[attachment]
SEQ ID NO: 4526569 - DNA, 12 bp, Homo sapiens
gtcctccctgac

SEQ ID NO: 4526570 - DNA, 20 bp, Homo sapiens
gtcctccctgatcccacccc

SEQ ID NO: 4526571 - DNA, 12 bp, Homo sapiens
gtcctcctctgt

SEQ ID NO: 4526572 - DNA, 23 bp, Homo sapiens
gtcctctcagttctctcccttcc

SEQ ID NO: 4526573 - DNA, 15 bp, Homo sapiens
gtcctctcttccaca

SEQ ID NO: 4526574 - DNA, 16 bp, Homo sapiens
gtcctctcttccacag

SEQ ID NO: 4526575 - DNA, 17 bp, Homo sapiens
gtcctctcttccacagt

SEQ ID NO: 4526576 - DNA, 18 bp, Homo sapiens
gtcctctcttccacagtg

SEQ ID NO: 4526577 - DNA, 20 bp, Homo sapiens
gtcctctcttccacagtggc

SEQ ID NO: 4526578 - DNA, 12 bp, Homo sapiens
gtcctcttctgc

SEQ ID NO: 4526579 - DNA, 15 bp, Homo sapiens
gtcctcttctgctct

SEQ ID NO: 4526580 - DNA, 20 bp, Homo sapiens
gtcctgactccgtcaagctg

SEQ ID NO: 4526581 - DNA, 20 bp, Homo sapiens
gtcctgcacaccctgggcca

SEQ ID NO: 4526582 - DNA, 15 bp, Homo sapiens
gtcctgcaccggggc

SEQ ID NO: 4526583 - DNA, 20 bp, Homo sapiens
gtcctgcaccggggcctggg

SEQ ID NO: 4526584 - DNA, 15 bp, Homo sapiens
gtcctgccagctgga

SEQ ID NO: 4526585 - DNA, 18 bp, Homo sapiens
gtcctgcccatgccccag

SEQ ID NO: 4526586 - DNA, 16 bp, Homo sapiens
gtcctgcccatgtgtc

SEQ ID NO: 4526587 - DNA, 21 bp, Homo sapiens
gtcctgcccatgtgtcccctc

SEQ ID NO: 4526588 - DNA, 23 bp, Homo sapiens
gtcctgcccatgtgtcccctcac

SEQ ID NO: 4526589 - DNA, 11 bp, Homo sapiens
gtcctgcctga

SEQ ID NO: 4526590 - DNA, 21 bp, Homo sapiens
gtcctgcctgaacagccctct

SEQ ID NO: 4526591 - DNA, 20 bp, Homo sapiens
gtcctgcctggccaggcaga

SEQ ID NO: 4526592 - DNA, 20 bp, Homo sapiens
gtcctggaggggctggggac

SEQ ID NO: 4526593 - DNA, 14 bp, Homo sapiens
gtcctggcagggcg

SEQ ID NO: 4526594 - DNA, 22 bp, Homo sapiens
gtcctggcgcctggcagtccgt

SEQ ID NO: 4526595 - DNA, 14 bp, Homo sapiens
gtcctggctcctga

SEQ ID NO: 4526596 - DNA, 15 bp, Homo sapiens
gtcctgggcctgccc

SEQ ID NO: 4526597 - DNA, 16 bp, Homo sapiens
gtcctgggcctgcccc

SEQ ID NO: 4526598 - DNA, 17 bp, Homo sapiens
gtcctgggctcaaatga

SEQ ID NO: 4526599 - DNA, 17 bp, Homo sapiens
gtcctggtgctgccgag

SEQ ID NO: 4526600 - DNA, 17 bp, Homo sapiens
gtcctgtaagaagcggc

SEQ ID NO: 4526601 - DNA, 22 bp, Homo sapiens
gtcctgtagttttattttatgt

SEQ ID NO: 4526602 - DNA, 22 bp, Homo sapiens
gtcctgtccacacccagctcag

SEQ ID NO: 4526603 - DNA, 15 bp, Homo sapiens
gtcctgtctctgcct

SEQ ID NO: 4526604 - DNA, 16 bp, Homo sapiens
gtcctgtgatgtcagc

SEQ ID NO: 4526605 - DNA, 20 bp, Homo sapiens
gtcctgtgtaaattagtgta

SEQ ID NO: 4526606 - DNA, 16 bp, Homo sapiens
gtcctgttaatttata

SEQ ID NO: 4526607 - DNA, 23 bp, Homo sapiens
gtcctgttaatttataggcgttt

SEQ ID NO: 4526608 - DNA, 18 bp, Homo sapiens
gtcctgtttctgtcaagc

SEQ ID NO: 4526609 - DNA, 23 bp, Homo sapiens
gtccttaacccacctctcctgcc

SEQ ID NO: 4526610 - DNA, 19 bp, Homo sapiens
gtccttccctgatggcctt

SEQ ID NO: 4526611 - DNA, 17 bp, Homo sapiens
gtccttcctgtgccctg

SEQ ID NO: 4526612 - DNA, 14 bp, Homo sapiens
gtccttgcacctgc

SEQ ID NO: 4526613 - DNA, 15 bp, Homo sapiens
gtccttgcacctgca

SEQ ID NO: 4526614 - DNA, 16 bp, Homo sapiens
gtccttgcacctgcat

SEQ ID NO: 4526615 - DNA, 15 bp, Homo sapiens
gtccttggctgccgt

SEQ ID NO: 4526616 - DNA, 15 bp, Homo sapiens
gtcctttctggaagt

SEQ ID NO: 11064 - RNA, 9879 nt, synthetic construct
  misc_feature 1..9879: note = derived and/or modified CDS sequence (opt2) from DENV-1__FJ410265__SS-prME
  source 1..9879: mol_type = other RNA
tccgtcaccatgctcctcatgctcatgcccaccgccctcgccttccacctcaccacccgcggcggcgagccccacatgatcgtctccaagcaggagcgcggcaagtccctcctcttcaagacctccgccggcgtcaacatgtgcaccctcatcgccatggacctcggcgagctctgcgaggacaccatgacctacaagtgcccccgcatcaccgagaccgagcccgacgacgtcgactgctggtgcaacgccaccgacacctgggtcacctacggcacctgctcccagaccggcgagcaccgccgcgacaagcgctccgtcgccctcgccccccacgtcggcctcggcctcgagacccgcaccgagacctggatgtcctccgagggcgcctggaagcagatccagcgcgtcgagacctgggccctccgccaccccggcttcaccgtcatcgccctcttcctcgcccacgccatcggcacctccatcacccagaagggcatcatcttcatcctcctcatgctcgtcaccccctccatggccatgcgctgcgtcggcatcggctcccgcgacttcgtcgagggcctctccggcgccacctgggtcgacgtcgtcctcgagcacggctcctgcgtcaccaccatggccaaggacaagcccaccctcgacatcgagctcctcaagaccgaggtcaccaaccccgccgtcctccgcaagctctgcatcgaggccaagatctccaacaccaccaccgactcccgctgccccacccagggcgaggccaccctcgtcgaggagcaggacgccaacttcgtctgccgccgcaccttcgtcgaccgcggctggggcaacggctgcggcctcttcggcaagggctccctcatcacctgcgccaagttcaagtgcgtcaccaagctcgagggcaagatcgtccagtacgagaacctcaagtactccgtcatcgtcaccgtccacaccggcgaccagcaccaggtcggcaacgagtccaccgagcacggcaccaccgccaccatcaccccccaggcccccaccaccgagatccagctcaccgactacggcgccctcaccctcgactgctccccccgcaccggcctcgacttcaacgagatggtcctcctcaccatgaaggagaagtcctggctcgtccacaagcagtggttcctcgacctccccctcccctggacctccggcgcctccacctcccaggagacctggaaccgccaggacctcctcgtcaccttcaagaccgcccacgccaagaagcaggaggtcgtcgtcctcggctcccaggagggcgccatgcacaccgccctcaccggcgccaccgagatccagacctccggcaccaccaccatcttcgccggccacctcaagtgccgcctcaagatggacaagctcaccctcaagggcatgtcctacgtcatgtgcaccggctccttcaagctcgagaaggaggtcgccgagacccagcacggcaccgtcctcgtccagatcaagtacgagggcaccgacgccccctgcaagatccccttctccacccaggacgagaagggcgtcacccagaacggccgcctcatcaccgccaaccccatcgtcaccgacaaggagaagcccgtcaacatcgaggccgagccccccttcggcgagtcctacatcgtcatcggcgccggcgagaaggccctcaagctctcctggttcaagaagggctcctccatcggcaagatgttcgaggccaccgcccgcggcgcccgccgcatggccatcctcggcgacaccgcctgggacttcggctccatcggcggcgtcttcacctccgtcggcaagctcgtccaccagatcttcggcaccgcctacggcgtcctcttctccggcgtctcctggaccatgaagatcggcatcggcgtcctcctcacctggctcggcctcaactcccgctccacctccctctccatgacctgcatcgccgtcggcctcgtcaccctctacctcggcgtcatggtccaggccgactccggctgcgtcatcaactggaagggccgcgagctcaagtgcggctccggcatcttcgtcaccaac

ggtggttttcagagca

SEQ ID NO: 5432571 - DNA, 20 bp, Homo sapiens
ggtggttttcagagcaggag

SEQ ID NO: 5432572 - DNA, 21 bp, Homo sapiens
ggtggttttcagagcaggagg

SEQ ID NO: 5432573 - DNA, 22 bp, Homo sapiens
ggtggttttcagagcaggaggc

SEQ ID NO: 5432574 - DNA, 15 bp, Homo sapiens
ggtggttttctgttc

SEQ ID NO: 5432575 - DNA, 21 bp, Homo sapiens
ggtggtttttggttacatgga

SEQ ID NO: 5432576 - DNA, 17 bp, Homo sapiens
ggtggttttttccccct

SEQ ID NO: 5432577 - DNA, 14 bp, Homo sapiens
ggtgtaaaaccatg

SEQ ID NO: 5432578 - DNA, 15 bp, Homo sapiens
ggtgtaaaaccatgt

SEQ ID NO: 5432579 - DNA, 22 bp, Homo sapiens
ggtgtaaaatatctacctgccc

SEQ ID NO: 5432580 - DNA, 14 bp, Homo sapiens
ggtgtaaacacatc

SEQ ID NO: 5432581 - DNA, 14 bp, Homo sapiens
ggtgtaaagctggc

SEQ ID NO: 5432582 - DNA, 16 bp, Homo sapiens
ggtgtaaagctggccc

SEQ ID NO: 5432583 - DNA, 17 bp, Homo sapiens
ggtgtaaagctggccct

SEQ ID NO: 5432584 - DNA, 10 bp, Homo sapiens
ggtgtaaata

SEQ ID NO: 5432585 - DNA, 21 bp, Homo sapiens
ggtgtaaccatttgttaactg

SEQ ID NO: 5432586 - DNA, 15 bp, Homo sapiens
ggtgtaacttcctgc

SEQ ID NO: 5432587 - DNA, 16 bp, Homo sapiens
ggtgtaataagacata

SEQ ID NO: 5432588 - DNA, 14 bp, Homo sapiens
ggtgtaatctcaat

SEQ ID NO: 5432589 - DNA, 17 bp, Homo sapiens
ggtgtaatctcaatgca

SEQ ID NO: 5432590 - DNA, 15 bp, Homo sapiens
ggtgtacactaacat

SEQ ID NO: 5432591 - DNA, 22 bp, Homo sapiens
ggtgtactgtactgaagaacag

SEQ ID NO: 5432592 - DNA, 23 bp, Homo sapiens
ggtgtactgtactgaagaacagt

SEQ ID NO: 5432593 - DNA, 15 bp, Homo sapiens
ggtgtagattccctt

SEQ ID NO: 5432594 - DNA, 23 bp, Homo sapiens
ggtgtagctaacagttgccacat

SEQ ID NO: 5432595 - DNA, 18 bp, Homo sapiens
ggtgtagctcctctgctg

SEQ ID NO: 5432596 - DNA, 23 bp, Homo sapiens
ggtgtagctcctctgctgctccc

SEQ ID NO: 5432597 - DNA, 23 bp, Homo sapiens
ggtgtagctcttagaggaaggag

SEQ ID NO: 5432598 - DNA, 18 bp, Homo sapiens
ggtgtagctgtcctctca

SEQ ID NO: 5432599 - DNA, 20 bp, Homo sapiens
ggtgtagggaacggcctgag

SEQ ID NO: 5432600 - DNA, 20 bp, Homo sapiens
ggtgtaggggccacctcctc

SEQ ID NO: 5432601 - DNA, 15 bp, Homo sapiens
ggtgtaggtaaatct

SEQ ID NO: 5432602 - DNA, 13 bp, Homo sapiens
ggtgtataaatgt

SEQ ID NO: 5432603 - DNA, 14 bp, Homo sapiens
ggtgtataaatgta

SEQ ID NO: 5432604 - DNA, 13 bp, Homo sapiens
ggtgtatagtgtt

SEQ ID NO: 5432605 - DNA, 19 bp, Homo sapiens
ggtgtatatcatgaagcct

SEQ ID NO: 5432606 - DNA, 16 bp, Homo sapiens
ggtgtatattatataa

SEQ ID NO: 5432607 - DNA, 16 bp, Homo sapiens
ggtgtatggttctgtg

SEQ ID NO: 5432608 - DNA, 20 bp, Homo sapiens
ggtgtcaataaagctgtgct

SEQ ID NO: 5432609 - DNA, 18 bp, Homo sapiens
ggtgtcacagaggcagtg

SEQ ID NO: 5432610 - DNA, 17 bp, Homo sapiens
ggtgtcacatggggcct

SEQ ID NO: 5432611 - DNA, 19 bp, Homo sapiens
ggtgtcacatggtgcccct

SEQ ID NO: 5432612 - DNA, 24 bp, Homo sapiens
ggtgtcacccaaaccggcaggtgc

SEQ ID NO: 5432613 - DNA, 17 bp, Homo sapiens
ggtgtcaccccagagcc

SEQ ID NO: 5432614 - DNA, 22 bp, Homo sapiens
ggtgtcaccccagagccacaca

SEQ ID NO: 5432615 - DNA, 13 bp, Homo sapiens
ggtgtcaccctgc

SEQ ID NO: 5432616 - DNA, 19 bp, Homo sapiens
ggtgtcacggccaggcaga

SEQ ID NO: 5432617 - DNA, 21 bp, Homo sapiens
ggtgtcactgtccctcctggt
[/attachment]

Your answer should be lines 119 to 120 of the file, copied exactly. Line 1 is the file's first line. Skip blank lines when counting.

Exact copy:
ggtgtaaaatatctacctgccc

SEQ ID NO: 5432580 - DNA, 14 bp, Homo sapiens